These slides basically tell us that the PlayStation 4 Neo won't just benefit UHDTV owners, but HDTV gamers too. We don't know the exact numbers, but I'm guessing gamers will be able to play in smooth 1080p 60FPS in Neo Mode on regular HDTV's. We do know that games in Neo Mode can't dip below their Base Mode PS4 counterparts, and that devs will have to scale back 4K resolution to hit the FPS rates of the Base Mode versions.


The slides also tell us why the PS4 Neo has a "Base Mode" at all. The Base Mode is essentially there to enable a kind of "backward compatibility" with existing PS4 games that were published before October 2016, ie all the games that don't have a Neo Mode. Sure if you own a PS4 Neo you could theoretically switch between Neo Mode and Base Mode at will, but there's really no reason to.


All in all, the slides indicate that Sony's PlayStation Neo console might actually be frustrating for developers. However we're not sure what tools that Sony is providing devs--for all we know they could have a fancy new version of AMD's new advanced upscaling tech to upscale its games from 1080p to 4K.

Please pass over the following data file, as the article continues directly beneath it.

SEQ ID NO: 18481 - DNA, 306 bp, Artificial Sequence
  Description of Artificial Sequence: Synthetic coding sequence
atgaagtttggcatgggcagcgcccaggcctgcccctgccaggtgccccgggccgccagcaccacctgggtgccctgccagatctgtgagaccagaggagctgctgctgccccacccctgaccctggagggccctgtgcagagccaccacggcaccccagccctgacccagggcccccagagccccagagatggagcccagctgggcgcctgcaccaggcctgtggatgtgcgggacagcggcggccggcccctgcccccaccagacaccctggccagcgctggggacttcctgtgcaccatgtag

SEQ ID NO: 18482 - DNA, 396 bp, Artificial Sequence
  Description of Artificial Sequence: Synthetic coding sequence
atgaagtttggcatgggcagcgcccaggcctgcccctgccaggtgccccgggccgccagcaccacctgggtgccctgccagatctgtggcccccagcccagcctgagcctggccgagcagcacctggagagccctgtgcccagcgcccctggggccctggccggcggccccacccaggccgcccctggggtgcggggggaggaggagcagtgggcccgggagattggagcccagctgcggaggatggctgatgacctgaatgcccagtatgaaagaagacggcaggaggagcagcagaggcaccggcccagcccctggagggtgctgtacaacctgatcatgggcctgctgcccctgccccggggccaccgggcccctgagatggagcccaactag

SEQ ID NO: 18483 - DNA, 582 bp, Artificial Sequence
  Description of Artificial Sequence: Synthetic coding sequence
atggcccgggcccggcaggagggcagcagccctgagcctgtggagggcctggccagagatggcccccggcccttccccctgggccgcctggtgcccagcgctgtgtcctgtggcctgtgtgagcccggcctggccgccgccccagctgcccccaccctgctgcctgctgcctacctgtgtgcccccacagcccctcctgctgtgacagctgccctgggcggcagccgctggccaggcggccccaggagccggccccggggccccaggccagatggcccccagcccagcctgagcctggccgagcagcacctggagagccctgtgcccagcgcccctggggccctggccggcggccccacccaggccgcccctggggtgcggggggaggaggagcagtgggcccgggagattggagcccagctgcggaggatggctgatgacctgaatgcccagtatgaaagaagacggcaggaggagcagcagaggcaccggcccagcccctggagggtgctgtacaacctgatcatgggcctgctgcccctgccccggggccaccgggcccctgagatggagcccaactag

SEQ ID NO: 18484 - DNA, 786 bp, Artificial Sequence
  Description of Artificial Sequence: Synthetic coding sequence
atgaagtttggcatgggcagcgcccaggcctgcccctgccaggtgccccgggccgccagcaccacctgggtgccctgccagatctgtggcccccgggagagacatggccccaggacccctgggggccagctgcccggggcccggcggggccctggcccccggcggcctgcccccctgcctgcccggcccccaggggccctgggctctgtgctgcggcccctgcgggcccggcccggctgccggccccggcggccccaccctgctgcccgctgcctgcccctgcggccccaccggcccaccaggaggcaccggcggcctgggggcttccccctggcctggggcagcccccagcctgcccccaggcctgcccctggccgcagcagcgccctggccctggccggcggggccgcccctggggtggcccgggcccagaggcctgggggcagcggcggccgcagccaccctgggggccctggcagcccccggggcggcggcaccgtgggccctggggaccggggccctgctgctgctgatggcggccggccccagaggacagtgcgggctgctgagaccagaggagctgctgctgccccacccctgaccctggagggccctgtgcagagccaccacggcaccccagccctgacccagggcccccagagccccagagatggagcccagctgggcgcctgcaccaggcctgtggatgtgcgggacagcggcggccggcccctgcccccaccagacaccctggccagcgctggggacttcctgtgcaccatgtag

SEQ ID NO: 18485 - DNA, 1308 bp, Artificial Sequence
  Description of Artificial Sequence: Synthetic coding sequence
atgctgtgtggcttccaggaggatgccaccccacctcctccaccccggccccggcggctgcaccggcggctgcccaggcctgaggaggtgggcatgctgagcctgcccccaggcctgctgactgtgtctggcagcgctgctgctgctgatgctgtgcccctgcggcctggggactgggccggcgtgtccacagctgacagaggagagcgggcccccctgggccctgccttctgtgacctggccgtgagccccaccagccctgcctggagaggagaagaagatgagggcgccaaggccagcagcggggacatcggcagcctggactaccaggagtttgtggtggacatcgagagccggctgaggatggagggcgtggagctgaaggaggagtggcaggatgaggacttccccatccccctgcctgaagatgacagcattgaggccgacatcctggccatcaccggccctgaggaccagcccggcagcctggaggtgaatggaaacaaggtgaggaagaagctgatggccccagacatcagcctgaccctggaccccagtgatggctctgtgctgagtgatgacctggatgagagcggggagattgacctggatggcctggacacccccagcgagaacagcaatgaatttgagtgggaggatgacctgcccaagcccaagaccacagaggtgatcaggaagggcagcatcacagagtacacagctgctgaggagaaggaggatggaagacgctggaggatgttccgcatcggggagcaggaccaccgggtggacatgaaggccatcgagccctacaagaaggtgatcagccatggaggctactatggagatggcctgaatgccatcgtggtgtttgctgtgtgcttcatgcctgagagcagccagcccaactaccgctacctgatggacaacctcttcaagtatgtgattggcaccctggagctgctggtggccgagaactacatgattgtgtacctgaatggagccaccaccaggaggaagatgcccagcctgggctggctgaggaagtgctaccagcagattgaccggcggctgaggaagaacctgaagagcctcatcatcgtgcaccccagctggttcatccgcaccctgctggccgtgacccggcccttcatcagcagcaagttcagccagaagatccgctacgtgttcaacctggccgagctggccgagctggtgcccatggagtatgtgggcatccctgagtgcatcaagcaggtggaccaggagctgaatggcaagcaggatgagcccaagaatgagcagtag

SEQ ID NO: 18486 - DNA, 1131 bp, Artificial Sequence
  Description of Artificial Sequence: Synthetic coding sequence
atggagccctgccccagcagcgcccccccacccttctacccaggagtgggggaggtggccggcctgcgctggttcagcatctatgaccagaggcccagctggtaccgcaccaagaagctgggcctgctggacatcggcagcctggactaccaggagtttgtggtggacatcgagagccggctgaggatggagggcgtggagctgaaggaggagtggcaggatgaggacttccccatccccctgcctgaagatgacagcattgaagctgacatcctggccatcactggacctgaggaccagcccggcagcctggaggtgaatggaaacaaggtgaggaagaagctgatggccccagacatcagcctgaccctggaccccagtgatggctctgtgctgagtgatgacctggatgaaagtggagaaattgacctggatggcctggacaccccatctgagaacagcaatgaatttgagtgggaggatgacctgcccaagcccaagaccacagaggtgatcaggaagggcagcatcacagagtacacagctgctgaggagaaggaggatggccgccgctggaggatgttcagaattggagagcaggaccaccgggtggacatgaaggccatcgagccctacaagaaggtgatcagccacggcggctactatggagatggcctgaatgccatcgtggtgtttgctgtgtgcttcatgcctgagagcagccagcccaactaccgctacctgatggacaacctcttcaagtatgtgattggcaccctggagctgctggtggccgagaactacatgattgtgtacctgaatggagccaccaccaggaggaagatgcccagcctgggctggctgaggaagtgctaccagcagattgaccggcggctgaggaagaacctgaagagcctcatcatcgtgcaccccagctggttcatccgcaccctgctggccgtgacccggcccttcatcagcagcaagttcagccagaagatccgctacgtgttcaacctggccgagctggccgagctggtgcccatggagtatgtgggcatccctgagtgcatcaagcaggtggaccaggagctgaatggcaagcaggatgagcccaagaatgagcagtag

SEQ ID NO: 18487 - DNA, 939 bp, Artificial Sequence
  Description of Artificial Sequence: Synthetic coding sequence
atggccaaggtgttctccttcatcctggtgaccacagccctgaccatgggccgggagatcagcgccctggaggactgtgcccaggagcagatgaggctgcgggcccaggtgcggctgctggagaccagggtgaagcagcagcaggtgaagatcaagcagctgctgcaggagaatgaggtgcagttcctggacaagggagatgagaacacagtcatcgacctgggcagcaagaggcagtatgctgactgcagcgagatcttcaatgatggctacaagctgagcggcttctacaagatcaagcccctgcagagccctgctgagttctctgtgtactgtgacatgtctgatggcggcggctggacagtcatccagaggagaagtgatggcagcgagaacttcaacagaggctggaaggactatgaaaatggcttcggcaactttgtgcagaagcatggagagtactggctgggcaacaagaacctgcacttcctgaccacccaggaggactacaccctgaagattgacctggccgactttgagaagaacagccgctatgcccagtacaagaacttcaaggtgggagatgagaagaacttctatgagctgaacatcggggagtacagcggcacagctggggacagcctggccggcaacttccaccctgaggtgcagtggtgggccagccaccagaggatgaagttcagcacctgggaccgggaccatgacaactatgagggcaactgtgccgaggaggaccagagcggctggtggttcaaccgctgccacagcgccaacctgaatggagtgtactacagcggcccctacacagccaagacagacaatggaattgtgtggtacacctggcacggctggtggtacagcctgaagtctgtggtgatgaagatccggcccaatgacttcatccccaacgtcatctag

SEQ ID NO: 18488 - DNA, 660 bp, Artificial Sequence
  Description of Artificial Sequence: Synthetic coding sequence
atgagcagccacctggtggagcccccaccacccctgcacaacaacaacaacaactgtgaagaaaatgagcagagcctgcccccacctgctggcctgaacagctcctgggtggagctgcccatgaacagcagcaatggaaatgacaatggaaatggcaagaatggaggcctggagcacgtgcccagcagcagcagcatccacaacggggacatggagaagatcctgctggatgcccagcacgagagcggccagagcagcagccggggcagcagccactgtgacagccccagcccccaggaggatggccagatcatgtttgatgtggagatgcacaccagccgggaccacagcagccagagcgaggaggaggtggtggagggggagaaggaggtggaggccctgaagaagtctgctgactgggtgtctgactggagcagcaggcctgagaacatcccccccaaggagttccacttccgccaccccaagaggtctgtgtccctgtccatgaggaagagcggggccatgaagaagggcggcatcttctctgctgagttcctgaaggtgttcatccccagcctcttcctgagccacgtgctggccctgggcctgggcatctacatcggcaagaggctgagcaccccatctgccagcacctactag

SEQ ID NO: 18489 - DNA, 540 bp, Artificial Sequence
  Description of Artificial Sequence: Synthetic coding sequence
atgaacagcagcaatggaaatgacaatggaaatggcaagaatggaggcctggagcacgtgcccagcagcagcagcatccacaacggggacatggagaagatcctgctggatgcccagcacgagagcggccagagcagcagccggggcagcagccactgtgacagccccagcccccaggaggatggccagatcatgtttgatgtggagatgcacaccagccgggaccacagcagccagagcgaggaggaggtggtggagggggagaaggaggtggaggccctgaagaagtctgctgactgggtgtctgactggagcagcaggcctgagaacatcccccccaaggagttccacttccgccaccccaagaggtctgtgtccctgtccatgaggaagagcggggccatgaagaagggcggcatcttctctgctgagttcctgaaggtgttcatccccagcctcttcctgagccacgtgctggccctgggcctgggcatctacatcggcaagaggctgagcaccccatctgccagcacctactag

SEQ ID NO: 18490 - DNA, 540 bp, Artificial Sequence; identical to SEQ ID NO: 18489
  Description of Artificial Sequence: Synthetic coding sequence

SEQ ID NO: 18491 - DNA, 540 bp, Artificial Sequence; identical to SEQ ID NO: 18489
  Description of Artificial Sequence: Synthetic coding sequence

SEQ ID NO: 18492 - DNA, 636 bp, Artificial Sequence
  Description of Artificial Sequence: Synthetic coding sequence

While Sony will provide the tools, techniques and know-how, it's up to developers to learn the ropes and create their own unique methods. Devs will also have to communicate with Sony in order to get their games up and running on the Neo, putting even more mandates on dev teams. But we could also argue that these devs have already been doing this for years--look at Ubisoft with Rainbow Six: Siege, for example--and the PS4K will allow these devs to push their skills to new heights.


If the slides are accurate, the PlayStation 4 Neo could launch in October 2016, or at the very least in 2016. Remember, we're not sure if these slides are 100% authentic and other than the existence of the console and 4K upscaling, nothing's been confirmed so far.


Check below for a list of everything we know about the PlayStation 4K so far:




Original PS4


  • CPU: 8 Jaguar Cores at 1.6 GHz
  • GPU: AMD GCN, 18 CUs at 800 MHz (equivalent to Radeon HD 7850)
  • Memory: 8 GB GDDR5, 176 GB/s




  • CPU: 8 Jaguar Cores at 2.1 GHz
  • GPU: Improved AMD GCN, 36 CUs at 911 MHz (possibly built on Polaris10 Ellesmere?)
  • Memory: 8 GB GDDR5, 218 GB/s


Everything we know so far about the PlayStation 4K: